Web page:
In the typical modern car, the Engine Control Unit (ECU) is used to:
[…] control a series of actuators to ensure optimal engine performance. It does this by reading values from a multitude of sensors, interpreting the data using multidimensional performance maps, and adjusting the engine actuators accordingly.
(adapted from: Wikipedia: Engine control unit )
ECU Overview / graphic from http://secu-3.org
Most ECUs are based on a microcontroller that uses on-board flash memory that contains all the required firmware, calibration data and various parameter maps.
For various reasons, there is usually a way to modify this flash ROM from the outside, usually through the diagnostics access port (OBD-II). Performance tuners, racers, and other avid car enthusiasts often are interested in modifying the ROM so they can achieve:
Until now, there was no fully open source method to reflash these ECUs. The only options were to:
This is not a trivial operation, requiring soldering skills (or a custom jig), a Windows PC for running Renesas software, and miscellaneous electronic hardware (signal generator, 5V UART, etc.). Not to mention that physically opening the ECU can easily go wrong with the sealed case and conformal-coated PCB.
Buy commercial tuning solutions, which can cost hundreds of dollars. These often come with many non-user-friendly usage restrictions and varying degrees of vendor lock-in.
Modify a factory firmware upgrade (not always available, and never free of charge), and reflash using dealership tools. The disadvantages of this are fairly obvious.
This project provides the low-level microcontroller code–both as GPL source code and as precompiled binaries–that can carry out the actual refreshing operation when used in combination with the Nisprog software running on the host machine.
Most gasoline Nissan / Infiniti ECUs from ~ 2002 onwards share very similar ECU hardware, based on SuperH microcontrollers manufactured by Renesas (previously Hitachi). This project supports ECUs that use the OBD-II “K line” signal for diagnostics communications.
The process is carried out entirely over the OBD-II “K Line” serial communications link through an undocumented set of manufacturer-defined extensions to the standard ISO14230 protocol. Recently, the necessary commands have been reverse-engineered revealing the required steps:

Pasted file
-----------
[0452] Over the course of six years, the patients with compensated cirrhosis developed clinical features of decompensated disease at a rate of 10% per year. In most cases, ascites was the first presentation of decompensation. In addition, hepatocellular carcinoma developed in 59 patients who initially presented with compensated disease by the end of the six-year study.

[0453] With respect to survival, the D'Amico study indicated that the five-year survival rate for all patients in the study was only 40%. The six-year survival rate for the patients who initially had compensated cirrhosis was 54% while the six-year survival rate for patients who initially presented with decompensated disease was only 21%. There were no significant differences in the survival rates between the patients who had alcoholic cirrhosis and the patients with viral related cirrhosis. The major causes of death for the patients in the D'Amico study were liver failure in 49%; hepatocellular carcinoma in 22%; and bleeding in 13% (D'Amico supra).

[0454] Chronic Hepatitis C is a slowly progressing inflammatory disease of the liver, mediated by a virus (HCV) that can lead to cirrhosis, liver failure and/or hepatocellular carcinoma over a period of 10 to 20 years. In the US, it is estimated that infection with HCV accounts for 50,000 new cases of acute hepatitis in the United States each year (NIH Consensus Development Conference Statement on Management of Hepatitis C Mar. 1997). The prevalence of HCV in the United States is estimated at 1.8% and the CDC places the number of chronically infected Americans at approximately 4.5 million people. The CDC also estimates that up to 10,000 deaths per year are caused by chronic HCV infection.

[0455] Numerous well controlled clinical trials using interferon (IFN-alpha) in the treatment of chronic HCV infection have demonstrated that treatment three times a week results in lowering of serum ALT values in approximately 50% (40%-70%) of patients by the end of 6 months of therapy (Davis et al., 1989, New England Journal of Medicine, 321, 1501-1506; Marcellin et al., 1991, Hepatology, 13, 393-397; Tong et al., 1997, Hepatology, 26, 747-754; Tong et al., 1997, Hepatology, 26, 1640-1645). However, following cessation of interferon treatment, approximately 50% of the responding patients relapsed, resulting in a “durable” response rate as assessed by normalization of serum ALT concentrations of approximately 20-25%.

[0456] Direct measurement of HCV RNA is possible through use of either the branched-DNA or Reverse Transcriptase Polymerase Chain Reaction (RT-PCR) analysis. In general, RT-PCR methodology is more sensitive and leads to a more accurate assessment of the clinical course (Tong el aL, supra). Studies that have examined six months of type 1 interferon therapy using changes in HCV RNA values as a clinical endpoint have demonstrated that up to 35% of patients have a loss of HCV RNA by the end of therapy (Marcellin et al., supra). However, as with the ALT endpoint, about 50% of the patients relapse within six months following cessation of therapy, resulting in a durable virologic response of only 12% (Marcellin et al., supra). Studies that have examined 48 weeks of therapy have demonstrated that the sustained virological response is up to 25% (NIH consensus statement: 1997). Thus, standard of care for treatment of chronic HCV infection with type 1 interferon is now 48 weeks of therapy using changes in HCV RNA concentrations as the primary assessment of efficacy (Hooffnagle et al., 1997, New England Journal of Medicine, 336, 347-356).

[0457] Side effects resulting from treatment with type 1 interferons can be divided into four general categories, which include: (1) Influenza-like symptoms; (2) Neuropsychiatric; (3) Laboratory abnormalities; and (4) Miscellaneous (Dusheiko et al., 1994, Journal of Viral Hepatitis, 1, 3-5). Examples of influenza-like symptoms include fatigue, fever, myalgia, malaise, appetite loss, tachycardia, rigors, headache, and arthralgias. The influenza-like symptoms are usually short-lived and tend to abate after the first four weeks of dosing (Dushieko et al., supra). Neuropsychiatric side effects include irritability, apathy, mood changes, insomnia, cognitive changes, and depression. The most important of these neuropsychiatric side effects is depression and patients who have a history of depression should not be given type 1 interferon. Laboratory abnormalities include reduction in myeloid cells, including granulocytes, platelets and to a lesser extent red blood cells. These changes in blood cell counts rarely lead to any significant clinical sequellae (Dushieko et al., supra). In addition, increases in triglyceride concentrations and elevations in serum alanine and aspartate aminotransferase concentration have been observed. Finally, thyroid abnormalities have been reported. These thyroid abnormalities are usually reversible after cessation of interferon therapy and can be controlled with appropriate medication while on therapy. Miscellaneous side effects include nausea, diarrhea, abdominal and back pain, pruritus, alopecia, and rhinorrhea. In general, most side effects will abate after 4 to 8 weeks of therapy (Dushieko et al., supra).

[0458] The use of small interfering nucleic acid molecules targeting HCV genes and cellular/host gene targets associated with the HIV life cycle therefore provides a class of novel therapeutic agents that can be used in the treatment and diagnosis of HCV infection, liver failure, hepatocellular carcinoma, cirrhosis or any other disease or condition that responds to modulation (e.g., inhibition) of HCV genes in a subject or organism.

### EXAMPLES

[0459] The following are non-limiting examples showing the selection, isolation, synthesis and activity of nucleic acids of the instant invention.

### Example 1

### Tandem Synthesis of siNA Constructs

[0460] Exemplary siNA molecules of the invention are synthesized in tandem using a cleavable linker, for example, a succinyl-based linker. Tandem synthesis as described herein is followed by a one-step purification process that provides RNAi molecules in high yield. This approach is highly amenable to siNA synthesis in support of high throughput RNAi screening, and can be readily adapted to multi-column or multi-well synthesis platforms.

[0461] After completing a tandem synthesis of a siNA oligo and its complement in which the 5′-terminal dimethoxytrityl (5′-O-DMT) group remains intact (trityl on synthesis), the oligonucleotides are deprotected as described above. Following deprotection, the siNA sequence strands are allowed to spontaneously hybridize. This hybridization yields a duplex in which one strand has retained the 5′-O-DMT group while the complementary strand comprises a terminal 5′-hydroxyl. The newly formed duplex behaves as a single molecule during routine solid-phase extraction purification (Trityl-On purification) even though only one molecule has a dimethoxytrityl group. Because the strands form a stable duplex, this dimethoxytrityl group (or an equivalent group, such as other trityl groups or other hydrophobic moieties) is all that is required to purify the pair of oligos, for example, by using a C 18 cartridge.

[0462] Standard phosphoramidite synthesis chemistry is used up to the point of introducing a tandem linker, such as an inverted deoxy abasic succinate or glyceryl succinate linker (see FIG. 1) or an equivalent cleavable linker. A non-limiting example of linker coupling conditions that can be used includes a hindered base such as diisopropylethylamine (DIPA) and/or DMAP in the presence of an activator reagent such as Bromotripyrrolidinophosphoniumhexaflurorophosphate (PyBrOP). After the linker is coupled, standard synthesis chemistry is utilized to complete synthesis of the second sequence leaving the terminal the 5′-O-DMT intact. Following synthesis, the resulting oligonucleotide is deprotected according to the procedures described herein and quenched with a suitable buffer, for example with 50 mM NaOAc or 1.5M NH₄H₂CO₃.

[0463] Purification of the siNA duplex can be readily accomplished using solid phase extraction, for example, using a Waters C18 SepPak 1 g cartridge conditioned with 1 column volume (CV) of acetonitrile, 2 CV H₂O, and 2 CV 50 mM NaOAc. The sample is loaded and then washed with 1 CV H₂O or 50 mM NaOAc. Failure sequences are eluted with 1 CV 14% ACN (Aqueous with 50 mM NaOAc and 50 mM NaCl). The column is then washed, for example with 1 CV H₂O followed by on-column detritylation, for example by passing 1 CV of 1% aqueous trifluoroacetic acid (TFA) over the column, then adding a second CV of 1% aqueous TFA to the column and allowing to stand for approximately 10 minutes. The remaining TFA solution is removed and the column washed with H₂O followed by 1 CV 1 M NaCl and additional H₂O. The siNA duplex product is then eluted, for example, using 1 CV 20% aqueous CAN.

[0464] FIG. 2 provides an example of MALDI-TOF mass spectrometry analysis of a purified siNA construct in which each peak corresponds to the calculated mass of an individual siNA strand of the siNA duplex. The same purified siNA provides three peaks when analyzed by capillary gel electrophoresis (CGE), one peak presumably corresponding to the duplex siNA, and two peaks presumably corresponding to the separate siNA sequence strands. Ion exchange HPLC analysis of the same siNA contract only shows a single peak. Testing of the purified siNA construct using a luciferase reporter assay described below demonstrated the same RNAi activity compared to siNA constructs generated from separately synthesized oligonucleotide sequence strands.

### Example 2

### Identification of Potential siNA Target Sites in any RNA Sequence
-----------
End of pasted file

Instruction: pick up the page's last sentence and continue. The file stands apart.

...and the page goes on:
The basic reflashing kernel will support gasoline ECUs with:
Unfortunately CAN-only ECUs are not currently supported.
Note : J2534 devices are not currently supported by freediag.
The basic kernel is an implementation of an ISO14230-compliant protocol with extensions; it implements the following requests:
There are several important points to be aware of when using Nisprog:
It works! The process has been successfully tested on a 2005 Sentra (SH7058 mcu). However, the process is very manual:
Upon the campaign end-date, if the basic funding goal is reached, I will release the “current WIP” source code on github. Then, depending on stretch goals, a few weeks more development will be needed to get the features in.
POST-CAMPAIGN UPDATE: The source code is published here: https://github.com/fenugrec/npkern
Should the original funding goal be met and exceeded, here are some extra goals and associated features that would make this project even more useful:
Add SID27/36 key database and automatic guessing for unknown ECUIDs. (Short story: two keys are required for running a kernel, which is typically found by manual ROM dump analysis. It’s possible to automate most of this.)
This feature is now included in the Nisprog project, and is added to the list of features that will be available.
Add code for reflashing 0.35um SH7051 and SH7055 devices. These are older, and a bit tricky because the low-level erase and write cycles are quite different from the 0.18um and more recent devices.
Add generic code for writing to the external EEPROMs (bit-bang SPI). Note: the type, size, and mcu pins used by the EEPROM IC still need to be known.
Make a wxWidgets GUI that combines:
In addition to the benefits of the Benefactor level, this comes with an analysis of any eligible ROM dump (*), a massive headstart on analyzing a new ROM!
The analysis in question consists of everything I can identify in that ROM. The ROM must be an unencrypted dump of any gasoline Nissan or Infiniti model from ~2002 onwards, ideally 2002-2009 which are more familiar to me. The analysis will include some or all of the following:
Note: I cannot at this time identify the nature and units of the maps, only determine which areas are maps and which code accesses them.